Revealing Opioid Diversion with ArcGIS AllSource

According to the Centers for Disease Control and Prevention (CDC), since 2013 more than half a million Americans have died due to opioid overdoses. The illegal distribution of prescription drugs—opioid diversion—is a major contributing factor to this epidemic. To combat this, health-care workers or persons who are exploiting the healthcare system need to be identified.


ArcGIS AllSource analyzes the distance between physicians and patients and identifies outliers.

This starts with looking at data associated with patients, the physicians who prescribe opioids, and pharmacies that distribute opioids. Health-care evaluators and auditors attempt to detect fraud by monitoring opioid distribution networks. They need to visualize the relationships between patients, physicians, and pharmacies to uncover patterns that are not easily discerned.

Combining data regarding patients, physicians, treatment centers, and opioid prescriptions can be overwhelming. It is difficult to track relationships without the right software. With limited resources to tackle this issue, auditors need to know where to best focus their efforts. They need to examine the networks formed by physicians, treatment centers, pharmacies, and patients through a geographic lens.


Analysis identified patients who drove extraordinarily far distances to fill a prescription at a specific pharmacy.

ArcGIS AllSource is powerful intelligence software that enables auditors to understand the irregularities in the spatial connections between the components of these networks. Auditors can analyze and visualize the data through multiple views, including maps, timelines, and charts—particularly link charts. These tools enable auditors to quickly identify outliers that can indicate possibly fraudulent activities.

ArcGIS AllSource allows auditors to view locations of patient homes in relation to physicians and pharmacies. By interrogating the data, they can answer questions such as, How far are patients traveling to a specific doctor or pharmacy? How many pharmacies were closer to the patient than the one used? Answers to these and other questions can focus investigative efforts into illegal activities by physicians, treatment centers, and pharmacies.

In one interface, ArcGIS AllSource lets auditors connect disparate and large data sources so that potential bad actors can be more efficiently identified. The automation of AllSource workflows enables users to rapidly identify fraudulent behavior. Because workflows are captured, they can be shared with other cities, states, and agencies. Auditors can disseminate their findings to explain the analysis, display results, and support investigations.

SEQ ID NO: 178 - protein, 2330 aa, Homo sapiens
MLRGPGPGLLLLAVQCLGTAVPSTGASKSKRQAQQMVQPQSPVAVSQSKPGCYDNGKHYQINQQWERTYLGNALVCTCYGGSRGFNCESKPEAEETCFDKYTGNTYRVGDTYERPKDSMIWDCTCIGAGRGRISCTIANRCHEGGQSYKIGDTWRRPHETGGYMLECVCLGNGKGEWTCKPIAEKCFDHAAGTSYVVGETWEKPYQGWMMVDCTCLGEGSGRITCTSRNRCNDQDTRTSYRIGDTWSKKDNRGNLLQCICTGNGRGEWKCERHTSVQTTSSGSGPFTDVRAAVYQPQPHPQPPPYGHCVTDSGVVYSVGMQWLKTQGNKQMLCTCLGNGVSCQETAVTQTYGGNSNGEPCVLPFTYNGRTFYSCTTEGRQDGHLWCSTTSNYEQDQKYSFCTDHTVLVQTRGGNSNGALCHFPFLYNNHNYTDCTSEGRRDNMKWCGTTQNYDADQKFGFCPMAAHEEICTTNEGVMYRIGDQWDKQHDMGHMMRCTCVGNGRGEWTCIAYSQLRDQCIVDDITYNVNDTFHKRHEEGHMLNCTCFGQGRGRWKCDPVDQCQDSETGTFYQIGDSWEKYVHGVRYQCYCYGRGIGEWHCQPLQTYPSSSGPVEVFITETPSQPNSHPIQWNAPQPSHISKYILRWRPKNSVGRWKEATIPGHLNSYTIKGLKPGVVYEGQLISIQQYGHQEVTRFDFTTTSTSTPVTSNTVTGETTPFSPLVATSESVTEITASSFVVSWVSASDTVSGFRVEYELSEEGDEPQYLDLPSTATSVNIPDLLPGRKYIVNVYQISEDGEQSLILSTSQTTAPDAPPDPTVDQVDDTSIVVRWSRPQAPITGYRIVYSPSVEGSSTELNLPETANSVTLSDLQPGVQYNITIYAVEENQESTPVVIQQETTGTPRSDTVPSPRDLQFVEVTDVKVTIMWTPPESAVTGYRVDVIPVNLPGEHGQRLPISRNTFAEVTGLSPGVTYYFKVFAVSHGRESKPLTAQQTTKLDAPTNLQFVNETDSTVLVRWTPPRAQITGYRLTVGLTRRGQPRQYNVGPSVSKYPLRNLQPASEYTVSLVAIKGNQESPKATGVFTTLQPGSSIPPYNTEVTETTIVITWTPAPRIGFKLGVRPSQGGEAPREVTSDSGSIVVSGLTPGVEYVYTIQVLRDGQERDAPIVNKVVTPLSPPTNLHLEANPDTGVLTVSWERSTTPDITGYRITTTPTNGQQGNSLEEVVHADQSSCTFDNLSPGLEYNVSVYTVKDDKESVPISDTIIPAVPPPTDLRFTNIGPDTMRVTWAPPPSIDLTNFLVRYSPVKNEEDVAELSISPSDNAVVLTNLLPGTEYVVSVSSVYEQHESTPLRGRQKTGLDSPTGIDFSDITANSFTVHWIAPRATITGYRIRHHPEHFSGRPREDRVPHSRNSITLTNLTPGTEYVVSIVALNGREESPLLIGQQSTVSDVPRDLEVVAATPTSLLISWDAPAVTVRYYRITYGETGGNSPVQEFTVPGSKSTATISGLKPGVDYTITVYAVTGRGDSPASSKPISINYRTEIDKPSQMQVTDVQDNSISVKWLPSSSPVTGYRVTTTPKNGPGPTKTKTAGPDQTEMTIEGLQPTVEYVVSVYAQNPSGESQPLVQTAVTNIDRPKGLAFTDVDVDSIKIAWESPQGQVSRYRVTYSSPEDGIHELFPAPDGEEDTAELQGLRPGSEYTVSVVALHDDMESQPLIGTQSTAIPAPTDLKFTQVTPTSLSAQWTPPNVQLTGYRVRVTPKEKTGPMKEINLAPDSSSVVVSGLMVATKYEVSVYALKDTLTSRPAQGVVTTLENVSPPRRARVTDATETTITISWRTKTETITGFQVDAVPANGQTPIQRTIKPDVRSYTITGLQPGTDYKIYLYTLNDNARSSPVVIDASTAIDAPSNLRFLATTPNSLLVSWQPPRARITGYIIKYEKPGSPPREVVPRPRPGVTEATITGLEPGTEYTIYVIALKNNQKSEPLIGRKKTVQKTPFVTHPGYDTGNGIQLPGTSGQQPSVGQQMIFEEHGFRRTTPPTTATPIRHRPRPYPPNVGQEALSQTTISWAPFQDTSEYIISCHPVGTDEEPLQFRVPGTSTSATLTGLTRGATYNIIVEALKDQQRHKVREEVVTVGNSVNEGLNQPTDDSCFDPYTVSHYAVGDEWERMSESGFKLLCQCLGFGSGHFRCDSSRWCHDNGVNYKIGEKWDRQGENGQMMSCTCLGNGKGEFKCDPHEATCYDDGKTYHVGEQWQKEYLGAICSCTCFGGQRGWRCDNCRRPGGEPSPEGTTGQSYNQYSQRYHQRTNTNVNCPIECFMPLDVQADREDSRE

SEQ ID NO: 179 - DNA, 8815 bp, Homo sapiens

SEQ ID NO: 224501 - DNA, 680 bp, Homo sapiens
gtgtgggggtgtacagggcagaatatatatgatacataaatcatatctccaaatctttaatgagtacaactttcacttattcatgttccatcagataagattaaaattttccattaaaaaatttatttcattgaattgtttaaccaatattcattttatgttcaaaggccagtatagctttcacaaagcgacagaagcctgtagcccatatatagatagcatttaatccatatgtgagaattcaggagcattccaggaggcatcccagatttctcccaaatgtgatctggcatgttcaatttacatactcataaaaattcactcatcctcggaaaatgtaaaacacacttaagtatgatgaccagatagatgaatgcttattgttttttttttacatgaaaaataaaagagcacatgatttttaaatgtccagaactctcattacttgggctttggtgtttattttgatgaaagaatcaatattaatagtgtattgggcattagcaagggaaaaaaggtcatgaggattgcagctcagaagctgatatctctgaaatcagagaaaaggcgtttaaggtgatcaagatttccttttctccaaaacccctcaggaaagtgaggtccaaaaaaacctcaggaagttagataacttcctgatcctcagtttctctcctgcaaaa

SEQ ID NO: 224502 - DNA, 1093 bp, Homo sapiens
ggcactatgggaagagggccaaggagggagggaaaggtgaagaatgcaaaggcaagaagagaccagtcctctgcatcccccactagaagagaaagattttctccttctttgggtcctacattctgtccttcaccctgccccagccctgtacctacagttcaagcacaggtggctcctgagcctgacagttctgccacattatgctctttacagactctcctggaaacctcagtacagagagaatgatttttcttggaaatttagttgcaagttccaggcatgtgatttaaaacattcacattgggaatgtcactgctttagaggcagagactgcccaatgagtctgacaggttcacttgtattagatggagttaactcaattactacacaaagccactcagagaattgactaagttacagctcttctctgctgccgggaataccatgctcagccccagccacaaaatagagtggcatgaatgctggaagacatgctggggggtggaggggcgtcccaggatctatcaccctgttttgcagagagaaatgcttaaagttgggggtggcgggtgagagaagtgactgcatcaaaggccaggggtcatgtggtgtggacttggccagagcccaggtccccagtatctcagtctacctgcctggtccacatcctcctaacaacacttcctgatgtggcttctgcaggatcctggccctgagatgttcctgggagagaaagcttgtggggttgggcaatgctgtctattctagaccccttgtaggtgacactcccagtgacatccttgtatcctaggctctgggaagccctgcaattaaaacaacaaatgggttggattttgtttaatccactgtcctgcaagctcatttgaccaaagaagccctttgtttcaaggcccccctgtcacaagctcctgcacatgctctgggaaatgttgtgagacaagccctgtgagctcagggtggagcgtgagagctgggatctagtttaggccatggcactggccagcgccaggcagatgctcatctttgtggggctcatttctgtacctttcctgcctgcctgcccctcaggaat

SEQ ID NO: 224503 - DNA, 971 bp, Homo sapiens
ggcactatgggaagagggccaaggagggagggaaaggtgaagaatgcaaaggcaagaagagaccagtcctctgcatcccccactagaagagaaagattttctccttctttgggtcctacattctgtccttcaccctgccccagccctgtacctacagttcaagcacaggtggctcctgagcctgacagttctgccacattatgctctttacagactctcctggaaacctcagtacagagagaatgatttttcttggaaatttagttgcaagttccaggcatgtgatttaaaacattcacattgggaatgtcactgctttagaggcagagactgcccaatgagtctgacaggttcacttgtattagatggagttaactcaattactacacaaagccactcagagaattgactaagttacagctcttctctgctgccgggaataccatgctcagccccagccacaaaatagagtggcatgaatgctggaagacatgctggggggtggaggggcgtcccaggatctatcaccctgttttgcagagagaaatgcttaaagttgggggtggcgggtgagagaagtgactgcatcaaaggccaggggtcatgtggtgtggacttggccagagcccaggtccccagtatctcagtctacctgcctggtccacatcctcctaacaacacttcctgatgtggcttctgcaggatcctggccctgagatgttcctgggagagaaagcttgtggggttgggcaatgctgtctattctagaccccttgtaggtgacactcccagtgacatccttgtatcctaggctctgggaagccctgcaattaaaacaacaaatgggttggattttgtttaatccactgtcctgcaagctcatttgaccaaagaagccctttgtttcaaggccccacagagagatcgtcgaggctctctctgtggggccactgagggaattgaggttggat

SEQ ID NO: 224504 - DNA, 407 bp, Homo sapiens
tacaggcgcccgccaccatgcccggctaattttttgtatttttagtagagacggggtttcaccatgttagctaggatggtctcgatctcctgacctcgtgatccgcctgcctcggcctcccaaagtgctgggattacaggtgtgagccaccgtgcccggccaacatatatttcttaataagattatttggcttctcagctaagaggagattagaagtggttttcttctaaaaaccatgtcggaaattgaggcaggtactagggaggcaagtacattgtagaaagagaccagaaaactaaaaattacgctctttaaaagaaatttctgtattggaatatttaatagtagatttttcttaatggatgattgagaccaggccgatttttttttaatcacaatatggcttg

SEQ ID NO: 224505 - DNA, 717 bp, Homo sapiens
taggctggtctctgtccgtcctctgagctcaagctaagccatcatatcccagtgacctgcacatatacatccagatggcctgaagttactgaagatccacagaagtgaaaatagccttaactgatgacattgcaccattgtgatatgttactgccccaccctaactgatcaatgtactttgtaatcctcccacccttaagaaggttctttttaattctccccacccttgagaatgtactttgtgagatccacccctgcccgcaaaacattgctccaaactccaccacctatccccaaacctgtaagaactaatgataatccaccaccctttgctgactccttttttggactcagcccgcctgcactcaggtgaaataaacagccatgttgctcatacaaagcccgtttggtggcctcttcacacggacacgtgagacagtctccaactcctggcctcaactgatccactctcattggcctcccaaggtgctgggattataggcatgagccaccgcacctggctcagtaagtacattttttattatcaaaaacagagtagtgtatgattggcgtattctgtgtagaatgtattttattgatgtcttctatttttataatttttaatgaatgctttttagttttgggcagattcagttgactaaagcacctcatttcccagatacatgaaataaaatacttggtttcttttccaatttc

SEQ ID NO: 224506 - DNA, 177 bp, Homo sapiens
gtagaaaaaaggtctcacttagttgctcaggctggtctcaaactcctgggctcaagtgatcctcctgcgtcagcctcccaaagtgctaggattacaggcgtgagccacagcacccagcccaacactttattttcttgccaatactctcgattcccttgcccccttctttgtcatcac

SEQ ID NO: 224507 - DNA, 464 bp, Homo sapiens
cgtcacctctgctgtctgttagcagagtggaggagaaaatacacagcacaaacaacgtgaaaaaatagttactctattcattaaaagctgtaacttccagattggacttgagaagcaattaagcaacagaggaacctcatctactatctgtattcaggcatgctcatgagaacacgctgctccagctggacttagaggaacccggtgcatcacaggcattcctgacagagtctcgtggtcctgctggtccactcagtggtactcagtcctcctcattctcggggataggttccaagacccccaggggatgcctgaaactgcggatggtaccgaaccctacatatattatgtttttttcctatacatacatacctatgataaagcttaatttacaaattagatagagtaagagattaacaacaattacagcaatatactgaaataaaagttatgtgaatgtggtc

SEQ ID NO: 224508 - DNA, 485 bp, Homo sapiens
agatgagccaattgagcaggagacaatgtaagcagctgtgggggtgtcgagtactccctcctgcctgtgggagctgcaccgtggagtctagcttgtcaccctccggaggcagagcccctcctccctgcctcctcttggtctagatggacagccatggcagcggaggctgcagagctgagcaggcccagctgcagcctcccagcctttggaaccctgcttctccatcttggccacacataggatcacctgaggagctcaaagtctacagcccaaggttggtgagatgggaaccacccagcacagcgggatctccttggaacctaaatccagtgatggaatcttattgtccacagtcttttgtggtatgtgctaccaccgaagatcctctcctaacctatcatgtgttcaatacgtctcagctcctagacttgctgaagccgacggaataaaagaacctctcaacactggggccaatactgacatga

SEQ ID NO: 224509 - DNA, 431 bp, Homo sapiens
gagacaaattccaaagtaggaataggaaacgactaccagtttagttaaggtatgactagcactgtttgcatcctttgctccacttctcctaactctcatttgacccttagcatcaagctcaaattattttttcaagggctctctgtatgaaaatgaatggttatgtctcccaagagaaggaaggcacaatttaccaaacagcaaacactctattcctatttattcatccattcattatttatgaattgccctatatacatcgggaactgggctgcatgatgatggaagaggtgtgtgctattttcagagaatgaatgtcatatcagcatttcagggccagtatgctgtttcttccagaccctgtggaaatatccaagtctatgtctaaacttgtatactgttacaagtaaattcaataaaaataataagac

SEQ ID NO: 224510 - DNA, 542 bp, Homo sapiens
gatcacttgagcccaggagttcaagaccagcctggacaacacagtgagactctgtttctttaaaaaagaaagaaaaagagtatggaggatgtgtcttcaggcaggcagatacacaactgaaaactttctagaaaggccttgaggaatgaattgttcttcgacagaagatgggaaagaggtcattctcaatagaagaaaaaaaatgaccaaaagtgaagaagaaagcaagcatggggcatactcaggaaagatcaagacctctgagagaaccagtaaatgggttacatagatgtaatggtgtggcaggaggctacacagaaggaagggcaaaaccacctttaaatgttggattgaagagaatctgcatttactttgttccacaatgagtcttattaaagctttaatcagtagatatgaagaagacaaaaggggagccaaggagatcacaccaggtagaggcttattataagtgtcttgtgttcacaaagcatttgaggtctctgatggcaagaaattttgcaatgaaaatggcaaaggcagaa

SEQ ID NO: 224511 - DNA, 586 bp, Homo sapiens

In the following example, an auditor began by mapping a physician’s office in western New York and each patient to whom he had prescribed opioids. By examining the distance between each patient’s home and the physician’s office, outliers were uncovered. These outliers were patients who drove abnormally long distances to see this doctor for a prescription.

The auditor also looked at the pharmacies that filled these opioid prescriptions. Geographic networks revealed where opioid prescriptions were most often picked up. One pharmacy was being used much more often than other pharmacies. Another distance analysis was performed on pharmacies and prescription holders. Ultimately, this revealed how far patients drove to this specific pharmacy. This analysis identified a pharmacy that had patients who drove remarkably long distances to fill prescriptions. A buffer and drive-time analysis showed an average of eight other, more convenient pharmacies that were bypassed on the way to this pharmacy.


Buffer analysis and drive-time analysis showed an average of eight other, more convenient pharmacies that were bypassed en route to this pharmacy.

ArcGIS AllSource analysis in this example helped reveal potential bad actors and facilitate investigation in a timely manner. Identifying potentially corrupt physicians and pharmacies gives law enforcement solid leads that can be acted on to make communities safer. ArcGIS AllSource helps investigative professionals make data actionable using seamless, straightforward, and organized searches.

About the authors

Julia Smyth

Julia Smyth is an associate product marketing manager for ArcGIS Earth on the operational intelligence team at Esri. She creates digital content for numerous operational intelligence products.

Patrick O'Brien

Patrick O’Brien is a senior solution engineer on the public safety team at Esri. He primarily works in the United States federal law enforcement and national security arena. He is an ArcGIS technical expert who has extensive knowledge on incorporating GIS into workflows that support public safety. O’Brien obtained a bachelor’s degree in geography from Salisbury University and a master’s degree from the University of Maryland, College Park, in geospatial information science.